Uniloc sought an extension of time and ultimately filed a motion for leave to seek reconsideration. In that motion, it agreed to make public more than 90% of the material it had originally sought to seal. It also filed a new motion to seal the remainder. In support, it attached a much more specific declaration supporting sealing the more limited set of materials, as well as several declarations of third-party licensees, who stated that disclosure of their confidential information would be harmful to them. The court denied the motion seeking leave as not meeting the local rules’ requirements for reconsideration. The court also denied the narrower motion to seal, reasoning that Uniloc should have filed a proper motion to seal in the first instance. Uniloc appealed.

Uniloc argued that the district court had abused its discretion in denying the narrower motion to seal. In considering Uniloc’s argument, the Federal Circuit distinguished between Uniloc’s information and third-party information. Applying Ninth Circuit law, the Court held that the district court had not abused its discretion by strictly enforcing its local rules with regard to Uniloc’s information. Uniloc had violated the local rules in its motion to seal and subsequent motion for reconsideration. Moreover, the Court explained that notwithstanding the submission of a narrowly tailored motion, the burden is always on the moving party to provide compelling reasons for sealing, which Uniloc had failed to do.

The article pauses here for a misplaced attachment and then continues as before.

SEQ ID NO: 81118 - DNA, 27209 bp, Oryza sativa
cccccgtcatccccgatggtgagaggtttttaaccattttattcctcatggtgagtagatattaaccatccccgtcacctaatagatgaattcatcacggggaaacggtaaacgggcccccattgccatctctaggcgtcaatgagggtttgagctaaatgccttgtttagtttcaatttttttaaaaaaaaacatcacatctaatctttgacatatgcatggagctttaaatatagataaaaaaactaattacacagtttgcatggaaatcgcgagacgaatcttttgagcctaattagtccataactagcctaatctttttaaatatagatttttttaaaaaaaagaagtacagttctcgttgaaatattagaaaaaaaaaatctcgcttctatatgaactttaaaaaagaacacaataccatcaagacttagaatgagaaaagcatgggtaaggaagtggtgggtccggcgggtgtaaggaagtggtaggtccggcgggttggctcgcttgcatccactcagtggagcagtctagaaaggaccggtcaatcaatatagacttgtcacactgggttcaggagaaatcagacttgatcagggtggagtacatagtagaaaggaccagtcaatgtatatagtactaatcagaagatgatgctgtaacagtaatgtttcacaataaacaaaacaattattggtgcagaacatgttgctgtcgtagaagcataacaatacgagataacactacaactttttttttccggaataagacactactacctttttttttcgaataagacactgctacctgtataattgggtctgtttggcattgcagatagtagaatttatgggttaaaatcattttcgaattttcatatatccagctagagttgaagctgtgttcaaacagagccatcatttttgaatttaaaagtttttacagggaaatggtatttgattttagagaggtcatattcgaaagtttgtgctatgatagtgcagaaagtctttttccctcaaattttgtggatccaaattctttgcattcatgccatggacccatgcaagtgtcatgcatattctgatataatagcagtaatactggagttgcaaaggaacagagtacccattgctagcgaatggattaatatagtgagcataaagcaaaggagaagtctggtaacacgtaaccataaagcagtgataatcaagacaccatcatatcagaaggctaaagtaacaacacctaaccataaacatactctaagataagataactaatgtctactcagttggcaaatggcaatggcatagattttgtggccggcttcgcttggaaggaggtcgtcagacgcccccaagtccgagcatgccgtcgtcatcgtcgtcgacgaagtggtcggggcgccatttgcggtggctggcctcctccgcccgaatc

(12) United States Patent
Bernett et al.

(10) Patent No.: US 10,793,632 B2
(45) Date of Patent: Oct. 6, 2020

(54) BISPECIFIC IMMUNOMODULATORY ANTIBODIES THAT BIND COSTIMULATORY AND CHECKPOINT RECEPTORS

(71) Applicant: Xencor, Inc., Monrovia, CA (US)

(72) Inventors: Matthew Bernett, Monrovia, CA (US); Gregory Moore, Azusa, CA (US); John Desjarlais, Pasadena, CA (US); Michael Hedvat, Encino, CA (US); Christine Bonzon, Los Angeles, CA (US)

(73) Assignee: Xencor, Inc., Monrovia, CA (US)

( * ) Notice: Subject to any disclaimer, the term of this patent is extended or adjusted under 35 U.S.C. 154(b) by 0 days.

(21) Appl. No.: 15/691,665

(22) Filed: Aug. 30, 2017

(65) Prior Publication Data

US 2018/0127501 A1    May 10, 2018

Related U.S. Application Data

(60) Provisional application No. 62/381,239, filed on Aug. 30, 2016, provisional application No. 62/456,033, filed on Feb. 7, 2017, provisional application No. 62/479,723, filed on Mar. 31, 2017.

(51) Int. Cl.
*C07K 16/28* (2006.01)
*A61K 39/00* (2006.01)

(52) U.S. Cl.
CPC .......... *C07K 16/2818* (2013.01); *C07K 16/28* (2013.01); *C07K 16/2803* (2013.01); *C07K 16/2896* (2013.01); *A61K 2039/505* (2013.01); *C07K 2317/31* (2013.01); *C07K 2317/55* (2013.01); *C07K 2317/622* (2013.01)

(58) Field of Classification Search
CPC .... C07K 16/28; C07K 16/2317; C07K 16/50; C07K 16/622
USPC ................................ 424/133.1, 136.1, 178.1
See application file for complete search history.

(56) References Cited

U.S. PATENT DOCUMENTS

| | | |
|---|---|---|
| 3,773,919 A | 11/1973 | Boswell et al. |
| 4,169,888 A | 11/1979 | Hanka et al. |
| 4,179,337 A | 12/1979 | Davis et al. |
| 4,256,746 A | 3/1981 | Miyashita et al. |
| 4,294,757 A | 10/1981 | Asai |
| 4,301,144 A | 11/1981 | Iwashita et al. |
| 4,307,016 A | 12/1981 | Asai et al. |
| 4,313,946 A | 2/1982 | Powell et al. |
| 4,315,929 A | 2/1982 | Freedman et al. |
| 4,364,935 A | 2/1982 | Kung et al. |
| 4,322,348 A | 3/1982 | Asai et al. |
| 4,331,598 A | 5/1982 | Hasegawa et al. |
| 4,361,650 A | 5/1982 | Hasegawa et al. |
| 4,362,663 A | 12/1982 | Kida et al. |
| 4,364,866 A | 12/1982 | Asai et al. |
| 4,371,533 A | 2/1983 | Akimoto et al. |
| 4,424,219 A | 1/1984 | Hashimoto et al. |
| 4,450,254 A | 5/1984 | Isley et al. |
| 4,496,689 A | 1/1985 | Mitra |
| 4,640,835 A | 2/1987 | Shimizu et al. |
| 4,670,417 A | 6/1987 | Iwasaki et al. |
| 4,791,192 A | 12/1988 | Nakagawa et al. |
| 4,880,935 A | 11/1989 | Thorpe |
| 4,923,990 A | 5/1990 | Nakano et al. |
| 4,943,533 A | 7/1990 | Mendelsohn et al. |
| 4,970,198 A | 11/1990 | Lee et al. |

Next, the Federal Circuit explained that third-party information “calls for an analysis not dependent on the overbreadth rationale” because third parties should not be harmed by a litigant’s failure to follow the local rules. Because the district court’s analysis had been based on overbreadth, the Court found that the district court “failed to make findings sufficient to allow us to adequately assess whether it properly balanced the public’s right of access against the interests of the third parties in shielding their . . [...]

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Improper Use of Voluntarily Communicated Trade Secrets Sufficient to Maintain Action for Misappropriation in Texas

The US Court of Appeals for the Fifth Circuit held that, under Texas law, a plaintiff can sustain an action for trade secret misappropriation even if the plaintiff voluntarily communicated the alleged trade secrets to the defendant. Hoover Panel Systems, Inc. v. HAT Contract, Inc., Case No. 19-10650 (5th Cir. June 17, 2020) (per curiam). (more…)




When It’s All In the Family: Reverse Confusion Not a Basis for Broad Trademark Remedies

Addressing reverse confusion and scope of available remedies, the US Court of Appeals for the Seventh Circuit upheld a district court’s refusal to award infringing profits and a broad permanent injunction after a jury found infringement. Fabick, Inc. v. JFTCO, Inc., Case Nos. 19-1760; -0072 (7th Cir. Dec. 9, 2019) (Flaum, J.)

This trademark dispute originates with a family feud. John Fabick, founder of the John Fabick Tractor Company, purchased two Caterpillar equipment dealerships intending for his son, Joe, to operate the dealerships. At the time, the John Fabick Tractor Company had used the mark FABICK in connection with its business. Joe later founded FABCO, which sold Caterpillar equipment and related goods. Eventually, one of Joe’s sons, Jeré, took over FABCO.